Calculating Total Sales LY (specify FILTER() )

Hello there,

I’m working through this video of Sam’s on the calculate function. He refers to Total Sales but for the example below, I’ll use Total Quantity. Could somebody please tell me why the second DAX expression yields incorrect results? I thought for best practices purposes I’ll explicitly state the Filter function… but the calculated answer is wrong.

Total Quantity LY (right) = CALCULATE([Total Quantity], SAMEPERIODLASTYEAR(Dates[Date]))

Total Quantity LY (wrong) = CALCULATE([Total Quantity], Filter(Dates, SAMEPERIODLASTYEAR(Dates[Date])))

Many thanks,

Hi @michellepace

In DAX only Calculate and Calculatetable functions has ability to Add additional context or Change the context.

Second logic SAMEPERIODLASTYEAR is inside Filter…Filter doesn’t change the Context

Hope this clarifies.

Hi @michellepace,

Thake a look at individual functions: FILTER and SAMEPERIODLASTYEAR. Both of them will return a “reduced set of a table”, and in this case you could consider SAMEPERIODLASTYEAR a “special filter function” for Dates table, that’s why you should not include it in the FILTER function, but eventually you could include it as a second filter expression for CALCULATE.


@michellepace SAMPERIODLASTYEAR is a table function and you are using it in the second argument of FILTER where boolean conditions are evaluated to return the list of values from the first argument of FILTER that satisfy the criteria specified in the second argument.

Both FILTER and SAMPERIODLASTYEAR are doing their job and both are getting evaluated in the filter context, how to verify that SPLY is evaluated in the filter context? SAMPERIODLASTYEAR ( Dates[Date] ) is equivalent to saying SAMPERIODLASTYEAR ( VALUES ( Dates[Date] ) )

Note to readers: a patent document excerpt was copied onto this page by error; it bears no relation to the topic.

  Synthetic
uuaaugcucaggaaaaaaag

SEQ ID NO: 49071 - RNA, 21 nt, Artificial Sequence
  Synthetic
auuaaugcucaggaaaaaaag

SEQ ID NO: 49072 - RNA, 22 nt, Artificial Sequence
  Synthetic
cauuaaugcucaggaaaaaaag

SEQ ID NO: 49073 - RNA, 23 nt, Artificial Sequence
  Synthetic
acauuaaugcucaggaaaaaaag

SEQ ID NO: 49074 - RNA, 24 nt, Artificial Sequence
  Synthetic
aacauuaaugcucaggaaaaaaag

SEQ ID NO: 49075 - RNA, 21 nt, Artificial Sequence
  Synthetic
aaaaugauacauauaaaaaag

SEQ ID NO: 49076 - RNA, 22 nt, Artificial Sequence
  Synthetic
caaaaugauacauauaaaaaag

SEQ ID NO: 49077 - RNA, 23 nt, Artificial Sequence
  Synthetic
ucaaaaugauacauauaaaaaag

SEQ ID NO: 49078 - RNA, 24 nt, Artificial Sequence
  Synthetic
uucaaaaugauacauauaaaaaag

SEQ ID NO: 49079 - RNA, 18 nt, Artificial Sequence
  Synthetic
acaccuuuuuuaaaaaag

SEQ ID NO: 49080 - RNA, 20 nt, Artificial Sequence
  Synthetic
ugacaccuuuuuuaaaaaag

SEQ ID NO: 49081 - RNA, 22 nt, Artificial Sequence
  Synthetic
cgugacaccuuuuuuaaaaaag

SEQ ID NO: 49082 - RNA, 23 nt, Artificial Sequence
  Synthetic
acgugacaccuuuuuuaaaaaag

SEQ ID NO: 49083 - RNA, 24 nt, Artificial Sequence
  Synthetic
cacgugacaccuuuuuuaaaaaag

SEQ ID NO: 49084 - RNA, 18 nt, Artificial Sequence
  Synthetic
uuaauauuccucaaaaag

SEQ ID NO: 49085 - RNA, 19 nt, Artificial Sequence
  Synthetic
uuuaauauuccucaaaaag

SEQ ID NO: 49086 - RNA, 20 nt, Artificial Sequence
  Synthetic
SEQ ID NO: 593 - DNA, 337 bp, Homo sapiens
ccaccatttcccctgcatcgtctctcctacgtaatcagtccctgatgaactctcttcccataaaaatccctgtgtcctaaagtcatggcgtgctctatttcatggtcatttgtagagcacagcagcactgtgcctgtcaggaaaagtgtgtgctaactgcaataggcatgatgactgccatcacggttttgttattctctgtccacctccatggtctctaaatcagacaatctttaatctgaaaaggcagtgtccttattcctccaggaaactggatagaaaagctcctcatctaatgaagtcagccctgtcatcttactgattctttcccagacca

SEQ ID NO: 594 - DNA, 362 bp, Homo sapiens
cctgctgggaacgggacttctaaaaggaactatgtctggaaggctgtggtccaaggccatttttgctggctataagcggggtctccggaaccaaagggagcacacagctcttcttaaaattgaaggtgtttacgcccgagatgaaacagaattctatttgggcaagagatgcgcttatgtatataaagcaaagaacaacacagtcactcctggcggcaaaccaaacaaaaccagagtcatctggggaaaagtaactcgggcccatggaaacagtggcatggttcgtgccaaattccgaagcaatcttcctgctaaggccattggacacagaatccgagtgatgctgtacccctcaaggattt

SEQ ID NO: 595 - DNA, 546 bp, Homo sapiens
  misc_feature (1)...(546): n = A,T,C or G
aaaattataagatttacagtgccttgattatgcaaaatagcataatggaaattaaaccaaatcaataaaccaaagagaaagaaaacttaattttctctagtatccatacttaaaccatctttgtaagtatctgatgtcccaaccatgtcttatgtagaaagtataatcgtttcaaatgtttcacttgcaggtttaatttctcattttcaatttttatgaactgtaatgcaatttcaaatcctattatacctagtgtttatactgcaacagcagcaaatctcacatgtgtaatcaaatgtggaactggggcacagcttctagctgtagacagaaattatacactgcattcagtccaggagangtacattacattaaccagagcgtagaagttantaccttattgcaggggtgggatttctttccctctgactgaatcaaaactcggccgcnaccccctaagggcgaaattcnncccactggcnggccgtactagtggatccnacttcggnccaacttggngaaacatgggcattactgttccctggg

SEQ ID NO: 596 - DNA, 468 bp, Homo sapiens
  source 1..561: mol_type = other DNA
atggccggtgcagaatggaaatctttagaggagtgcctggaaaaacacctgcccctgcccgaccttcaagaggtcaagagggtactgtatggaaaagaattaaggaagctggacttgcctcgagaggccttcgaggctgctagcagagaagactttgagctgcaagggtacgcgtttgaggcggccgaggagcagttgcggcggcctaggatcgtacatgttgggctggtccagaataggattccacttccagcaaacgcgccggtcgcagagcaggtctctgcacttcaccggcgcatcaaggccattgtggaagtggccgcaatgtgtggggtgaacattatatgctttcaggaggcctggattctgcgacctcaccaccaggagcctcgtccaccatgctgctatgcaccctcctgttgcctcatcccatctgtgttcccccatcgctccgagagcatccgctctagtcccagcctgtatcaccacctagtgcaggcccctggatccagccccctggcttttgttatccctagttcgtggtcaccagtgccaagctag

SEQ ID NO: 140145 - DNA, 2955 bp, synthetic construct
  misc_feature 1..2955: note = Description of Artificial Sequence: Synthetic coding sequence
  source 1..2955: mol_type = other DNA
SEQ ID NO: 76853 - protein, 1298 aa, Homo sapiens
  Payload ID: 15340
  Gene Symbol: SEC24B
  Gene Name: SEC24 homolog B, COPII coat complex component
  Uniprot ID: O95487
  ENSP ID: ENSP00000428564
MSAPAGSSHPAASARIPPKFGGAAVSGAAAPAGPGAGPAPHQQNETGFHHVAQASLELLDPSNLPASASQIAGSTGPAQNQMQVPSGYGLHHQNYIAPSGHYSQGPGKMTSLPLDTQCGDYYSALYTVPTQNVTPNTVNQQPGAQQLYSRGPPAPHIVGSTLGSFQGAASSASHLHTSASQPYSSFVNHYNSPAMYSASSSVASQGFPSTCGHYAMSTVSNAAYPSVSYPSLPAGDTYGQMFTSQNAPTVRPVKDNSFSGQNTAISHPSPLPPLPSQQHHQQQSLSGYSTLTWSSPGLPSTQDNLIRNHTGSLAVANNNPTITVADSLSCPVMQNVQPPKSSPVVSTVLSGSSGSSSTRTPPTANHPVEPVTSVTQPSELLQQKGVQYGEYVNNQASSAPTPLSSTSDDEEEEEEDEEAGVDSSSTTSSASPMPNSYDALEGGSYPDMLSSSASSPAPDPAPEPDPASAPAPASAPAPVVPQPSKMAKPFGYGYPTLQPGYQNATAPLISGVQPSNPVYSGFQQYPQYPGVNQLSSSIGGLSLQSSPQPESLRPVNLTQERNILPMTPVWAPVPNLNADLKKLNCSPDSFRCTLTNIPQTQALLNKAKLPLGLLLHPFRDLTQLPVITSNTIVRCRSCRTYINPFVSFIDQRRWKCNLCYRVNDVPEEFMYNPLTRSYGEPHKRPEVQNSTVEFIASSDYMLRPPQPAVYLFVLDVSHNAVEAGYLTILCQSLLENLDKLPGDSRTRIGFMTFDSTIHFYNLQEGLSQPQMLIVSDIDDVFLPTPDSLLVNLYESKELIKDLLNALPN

But the presence of SPLY has no impact on the FILTER ( Dates ) part, you must be getting the result similar to the current year.

Let’s say filter context is 2020. refer to the comments in the below image:

But when you use just SAMPERIODLASTYEAR, it takes the current date and shifts back one year and gets the dates of 2019 and applies it to the Filter context and hence you get the correct result.


Hello @AntrikshSharma and @Lucian . Thank you both for your replies. I don’t quite grasp the intricacies of the explanation but will check back in a few weeks once I have learnt a bit more.

But to summarise, are you both basically saying to me,

"never use a time intelligence function within FILTER( ) because that’s duplicating the filtering and you’ll get the wrong answer"

… is that correct?

Nope I am saying that you need to understand how a function is evaluated, what it returns and when to use it.

Hi @michellepace

Yes Time Intelligence functions which returns a table… we’ve to use directly inside calculate function

Only Calculate function can change the Context.

We can achieve same result using filter function also, but we’ve to write our own code.,year-to-date%20calculation.

Hope this clarifies

Thank @Rajesh, that does help with my understanding for sure. Thank you.


Welc :smile:

Let me know if you need any further help.